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The Galloway method

Published : 08/21/2017 13:28:45
Categories : All , Training

The Galloway method

The Galloway method, also known as “Run Walk Run” is a running training technique based on alternate running and walking.

It provides advantages in people who are start running, but also in more experienced runners.

This technique was created in 1974 by Jeff Galloway, member of the USA Olympic team in 10.000m who also completed more than 120 marathons in his life. After opening a specialized running shop called Filipides, Jeff Galloway realized that there was a high risk of injuries and exhaustion in the beginners.  

So, during a period he tested with the beginners the method of alternate running and walking, but the most experimented refuse due to lacking trust in that technique. However, the beginner’s progress was more than evident, as progressively they were capable of doing a marathon, in which they got better results than the most experimented.

What benefits have this method? We know that the continued use of the musculature causes premature fatigue and with the Galloway method we can preserve the resources better, having a quicker recovery, less stress, more endorphins during the rest, less central body heat, and lower risk of injuries and exhaustion. This is because when we run we continuously use the same muscle groups, but when we rest we activate the secondary muscles, reducing the stress in the fibres we use for running, doing in that way a better performance. Besides, this way of training can also help in developing speed and correctly distribute the physical and mental resources.

It’s also very beneficial for beginners as the resistance and the physical condition are better rationed because running and walking are alternated. It’s recommendable after warming up to walk 3 to 5 minutes, running 2 minutes and walking again.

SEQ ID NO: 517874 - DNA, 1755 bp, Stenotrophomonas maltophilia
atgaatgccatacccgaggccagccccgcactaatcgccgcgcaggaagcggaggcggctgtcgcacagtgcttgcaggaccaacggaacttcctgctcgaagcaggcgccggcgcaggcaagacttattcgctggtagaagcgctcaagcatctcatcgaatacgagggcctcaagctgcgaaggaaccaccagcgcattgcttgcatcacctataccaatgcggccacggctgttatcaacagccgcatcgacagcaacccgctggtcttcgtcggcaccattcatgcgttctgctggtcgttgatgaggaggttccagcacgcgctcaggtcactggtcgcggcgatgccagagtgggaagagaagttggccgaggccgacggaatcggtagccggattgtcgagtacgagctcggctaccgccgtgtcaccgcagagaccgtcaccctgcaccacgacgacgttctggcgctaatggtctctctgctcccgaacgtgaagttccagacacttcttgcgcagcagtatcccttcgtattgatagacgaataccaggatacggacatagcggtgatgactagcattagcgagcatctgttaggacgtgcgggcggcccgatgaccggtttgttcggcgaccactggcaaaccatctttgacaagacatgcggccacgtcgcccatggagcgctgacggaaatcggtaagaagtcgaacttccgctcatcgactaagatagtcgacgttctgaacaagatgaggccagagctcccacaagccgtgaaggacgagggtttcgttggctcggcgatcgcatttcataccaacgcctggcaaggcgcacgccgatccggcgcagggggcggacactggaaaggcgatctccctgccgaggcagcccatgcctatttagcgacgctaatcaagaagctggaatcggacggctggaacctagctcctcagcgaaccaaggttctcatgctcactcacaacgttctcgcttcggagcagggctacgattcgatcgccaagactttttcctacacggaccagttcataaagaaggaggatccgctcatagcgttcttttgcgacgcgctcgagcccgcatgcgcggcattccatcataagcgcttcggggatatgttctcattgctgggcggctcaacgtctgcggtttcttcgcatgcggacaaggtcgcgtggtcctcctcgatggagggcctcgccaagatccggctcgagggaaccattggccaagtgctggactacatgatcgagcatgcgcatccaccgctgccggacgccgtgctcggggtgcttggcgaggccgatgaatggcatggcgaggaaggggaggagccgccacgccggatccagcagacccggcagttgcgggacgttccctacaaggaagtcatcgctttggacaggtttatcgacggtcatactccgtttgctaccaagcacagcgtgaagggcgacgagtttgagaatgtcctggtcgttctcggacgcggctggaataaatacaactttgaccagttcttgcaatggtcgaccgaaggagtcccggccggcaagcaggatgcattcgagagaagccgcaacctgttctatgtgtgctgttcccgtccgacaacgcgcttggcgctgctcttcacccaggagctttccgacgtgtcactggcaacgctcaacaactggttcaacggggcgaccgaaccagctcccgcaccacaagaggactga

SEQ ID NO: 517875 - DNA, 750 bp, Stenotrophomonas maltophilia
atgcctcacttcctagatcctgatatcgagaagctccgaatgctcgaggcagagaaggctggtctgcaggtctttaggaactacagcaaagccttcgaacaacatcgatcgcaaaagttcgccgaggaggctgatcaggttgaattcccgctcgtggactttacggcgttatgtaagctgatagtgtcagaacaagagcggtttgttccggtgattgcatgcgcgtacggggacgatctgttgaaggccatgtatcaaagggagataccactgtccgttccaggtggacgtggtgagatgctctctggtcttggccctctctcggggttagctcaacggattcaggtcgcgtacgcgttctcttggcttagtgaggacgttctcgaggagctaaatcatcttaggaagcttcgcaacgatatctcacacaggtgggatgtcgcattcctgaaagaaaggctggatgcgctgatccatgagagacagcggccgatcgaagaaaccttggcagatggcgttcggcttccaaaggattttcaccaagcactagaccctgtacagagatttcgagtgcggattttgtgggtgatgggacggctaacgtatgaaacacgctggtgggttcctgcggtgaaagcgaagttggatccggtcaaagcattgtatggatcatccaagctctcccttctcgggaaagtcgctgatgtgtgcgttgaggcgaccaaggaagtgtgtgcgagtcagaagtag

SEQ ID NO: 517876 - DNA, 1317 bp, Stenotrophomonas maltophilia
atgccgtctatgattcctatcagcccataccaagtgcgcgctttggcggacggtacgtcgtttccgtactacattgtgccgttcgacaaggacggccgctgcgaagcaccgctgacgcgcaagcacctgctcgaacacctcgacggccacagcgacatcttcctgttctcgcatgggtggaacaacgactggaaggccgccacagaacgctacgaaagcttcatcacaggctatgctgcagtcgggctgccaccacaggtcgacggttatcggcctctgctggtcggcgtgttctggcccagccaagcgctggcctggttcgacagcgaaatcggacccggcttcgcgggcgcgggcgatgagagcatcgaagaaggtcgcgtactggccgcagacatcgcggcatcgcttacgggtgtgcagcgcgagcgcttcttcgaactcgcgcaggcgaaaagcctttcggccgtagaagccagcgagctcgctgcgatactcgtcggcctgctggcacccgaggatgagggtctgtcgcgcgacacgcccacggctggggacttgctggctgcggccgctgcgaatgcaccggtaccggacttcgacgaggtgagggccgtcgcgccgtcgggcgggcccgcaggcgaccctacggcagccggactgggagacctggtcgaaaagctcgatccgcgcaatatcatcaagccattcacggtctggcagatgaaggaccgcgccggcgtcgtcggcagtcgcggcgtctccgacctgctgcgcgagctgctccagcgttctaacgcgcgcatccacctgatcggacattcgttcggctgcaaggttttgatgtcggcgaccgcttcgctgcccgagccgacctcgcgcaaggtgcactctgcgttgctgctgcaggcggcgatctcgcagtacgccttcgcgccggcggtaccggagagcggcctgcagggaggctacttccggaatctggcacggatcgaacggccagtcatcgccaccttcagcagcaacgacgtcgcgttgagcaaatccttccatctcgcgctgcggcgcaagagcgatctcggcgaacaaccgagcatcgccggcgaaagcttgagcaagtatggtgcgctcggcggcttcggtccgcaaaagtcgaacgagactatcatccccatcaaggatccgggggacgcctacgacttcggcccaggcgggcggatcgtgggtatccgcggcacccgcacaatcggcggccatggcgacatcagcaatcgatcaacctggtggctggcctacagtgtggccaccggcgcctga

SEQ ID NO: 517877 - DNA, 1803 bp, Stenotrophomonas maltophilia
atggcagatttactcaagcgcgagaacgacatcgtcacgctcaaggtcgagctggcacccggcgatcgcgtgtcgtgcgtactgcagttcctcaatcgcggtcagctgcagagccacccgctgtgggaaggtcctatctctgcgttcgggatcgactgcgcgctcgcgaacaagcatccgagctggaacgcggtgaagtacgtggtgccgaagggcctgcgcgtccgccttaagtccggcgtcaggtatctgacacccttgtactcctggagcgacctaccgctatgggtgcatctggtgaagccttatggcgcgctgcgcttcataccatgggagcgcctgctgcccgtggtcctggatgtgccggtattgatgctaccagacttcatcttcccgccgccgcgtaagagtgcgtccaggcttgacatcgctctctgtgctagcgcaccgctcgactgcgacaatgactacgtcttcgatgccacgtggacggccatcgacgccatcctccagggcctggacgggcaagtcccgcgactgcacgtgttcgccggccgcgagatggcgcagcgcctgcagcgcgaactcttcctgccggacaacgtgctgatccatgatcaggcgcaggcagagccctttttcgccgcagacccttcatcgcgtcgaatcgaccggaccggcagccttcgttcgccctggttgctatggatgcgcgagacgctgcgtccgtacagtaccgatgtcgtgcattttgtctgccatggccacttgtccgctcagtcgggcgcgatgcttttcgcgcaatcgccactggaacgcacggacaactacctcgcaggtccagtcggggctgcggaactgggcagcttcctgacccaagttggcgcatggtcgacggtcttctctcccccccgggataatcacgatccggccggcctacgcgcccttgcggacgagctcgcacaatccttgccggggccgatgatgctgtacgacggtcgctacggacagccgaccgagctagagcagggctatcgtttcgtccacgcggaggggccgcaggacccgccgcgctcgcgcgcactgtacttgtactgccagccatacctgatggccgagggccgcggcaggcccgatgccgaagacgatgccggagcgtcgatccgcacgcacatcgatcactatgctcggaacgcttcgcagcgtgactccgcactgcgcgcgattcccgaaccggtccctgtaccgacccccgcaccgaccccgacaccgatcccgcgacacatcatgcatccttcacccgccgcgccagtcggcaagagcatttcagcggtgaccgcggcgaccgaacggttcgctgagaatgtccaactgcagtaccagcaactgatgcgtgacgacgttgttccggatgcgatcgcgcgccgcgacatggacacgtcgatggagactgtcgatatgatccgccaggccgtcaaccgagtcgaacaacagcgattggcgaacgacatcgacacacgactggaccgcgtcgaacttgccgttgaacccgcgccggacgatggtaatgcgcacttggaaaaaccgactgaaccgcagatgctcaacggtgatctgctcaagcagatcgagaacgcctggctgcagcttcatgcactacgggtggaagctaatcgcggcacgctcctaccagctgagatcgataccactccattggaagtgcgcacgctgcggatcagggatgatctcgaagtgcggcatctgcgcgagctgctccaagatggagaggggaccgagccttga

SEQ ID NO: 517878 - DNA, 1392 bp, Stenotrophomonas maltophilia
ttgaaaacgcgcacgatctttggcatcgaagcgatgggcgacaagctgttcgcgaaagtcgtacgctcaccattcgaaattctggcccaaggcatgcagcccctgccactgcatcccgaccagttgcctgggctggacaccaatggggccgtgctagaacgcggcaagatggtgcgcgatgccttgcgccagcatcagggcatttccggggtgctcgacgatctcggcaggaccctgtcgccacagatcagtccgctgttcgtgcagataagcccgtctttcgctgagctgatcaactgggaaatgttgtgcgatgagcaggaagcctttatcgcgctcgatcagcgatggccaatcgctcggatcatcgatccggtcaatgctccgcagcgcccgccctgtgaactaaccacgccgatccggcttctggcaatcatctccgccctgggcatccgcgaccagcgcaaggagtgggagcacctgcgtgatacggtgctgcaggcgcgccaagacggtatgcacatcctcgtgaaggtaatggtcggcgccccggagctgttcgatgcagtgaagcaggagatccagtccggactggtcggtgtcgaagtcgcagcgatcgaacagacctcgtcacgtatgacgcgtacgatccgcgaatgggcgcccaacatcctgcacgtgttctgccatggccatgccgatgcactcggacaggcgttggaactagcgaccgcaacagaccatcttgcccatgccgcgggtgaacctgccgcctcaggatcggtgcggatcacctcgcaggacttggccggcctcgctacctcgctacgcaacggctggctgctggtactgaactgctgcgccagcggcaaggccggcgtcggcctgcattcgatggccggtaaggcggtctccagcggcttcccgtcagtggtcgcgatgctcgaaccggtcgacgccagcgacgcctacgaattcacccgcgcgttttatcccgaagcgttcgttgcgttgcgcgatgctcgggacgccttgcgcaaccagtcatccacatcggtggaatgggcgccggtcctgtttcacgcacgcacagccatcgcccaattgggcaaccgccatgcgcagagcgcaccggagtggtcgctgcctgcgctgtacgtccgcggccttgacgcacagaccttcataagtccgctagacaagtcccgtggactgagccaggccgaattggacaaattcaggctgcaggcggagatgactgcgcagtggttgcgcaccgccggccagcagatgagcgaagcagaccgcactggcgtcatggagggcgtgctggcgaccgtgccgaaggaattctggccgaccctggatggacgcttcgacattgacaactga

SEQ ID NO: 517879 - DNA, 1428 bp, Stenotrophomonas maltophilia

The alternation between running and walking will depend on the distance or fixed time to every session, and also it should be taken into account that running must be  in a quick rhythm, and moving the arms so it’s easier to go back to running afterwards, as if we walk slowly we won’t be able to start again. We should be awaiting our muscles to weaken.

This method is thought to be effective when we are able to run more than 45 minutes. The time dedicated to walk should be reduced gradually but without abandon it, since it has great advantages and there are experimented athletes or even people who run marathons who use it. Applied correctly can reduce up to 13 minutes in a marathon and 7 in a half-marathon, in which is recommended to use the method until the 29 kilometer and from there reducing rests or avoiding them. It should be done in a structured way, in defined intervals: in Jeff Galloway’s web there are tables with the different ratios depending on the distance we are going to run, for example here you have an easy table:

If you run between 5,30 and 6 hours, you should walk during 1 minute per every 4-5 running.

Between 5 and 5,30 hours: 1-2 minutes per every 5-6 running.

Between 4,30 and 5 hours: 1-2 minutes walking per every 6-7 running

Between 4 and 4,30 hours: 1 minute walking for every 7-8 running.

Between 3,30 and 4 hours: 1 minute walking for every 1600 metres running.

Between 3,22 and 3,29 hours: 30 seconds walking for every 1600 metres running.

Between 3,16 and 3,21: 20 seconds running for every 1600 metres running.

Between 3,08 and 3,15 hours: 15 seconds for every 1600 metres running.

Between 2,50 and 3,07 hours: 10 seconds for every 1600 metres running.

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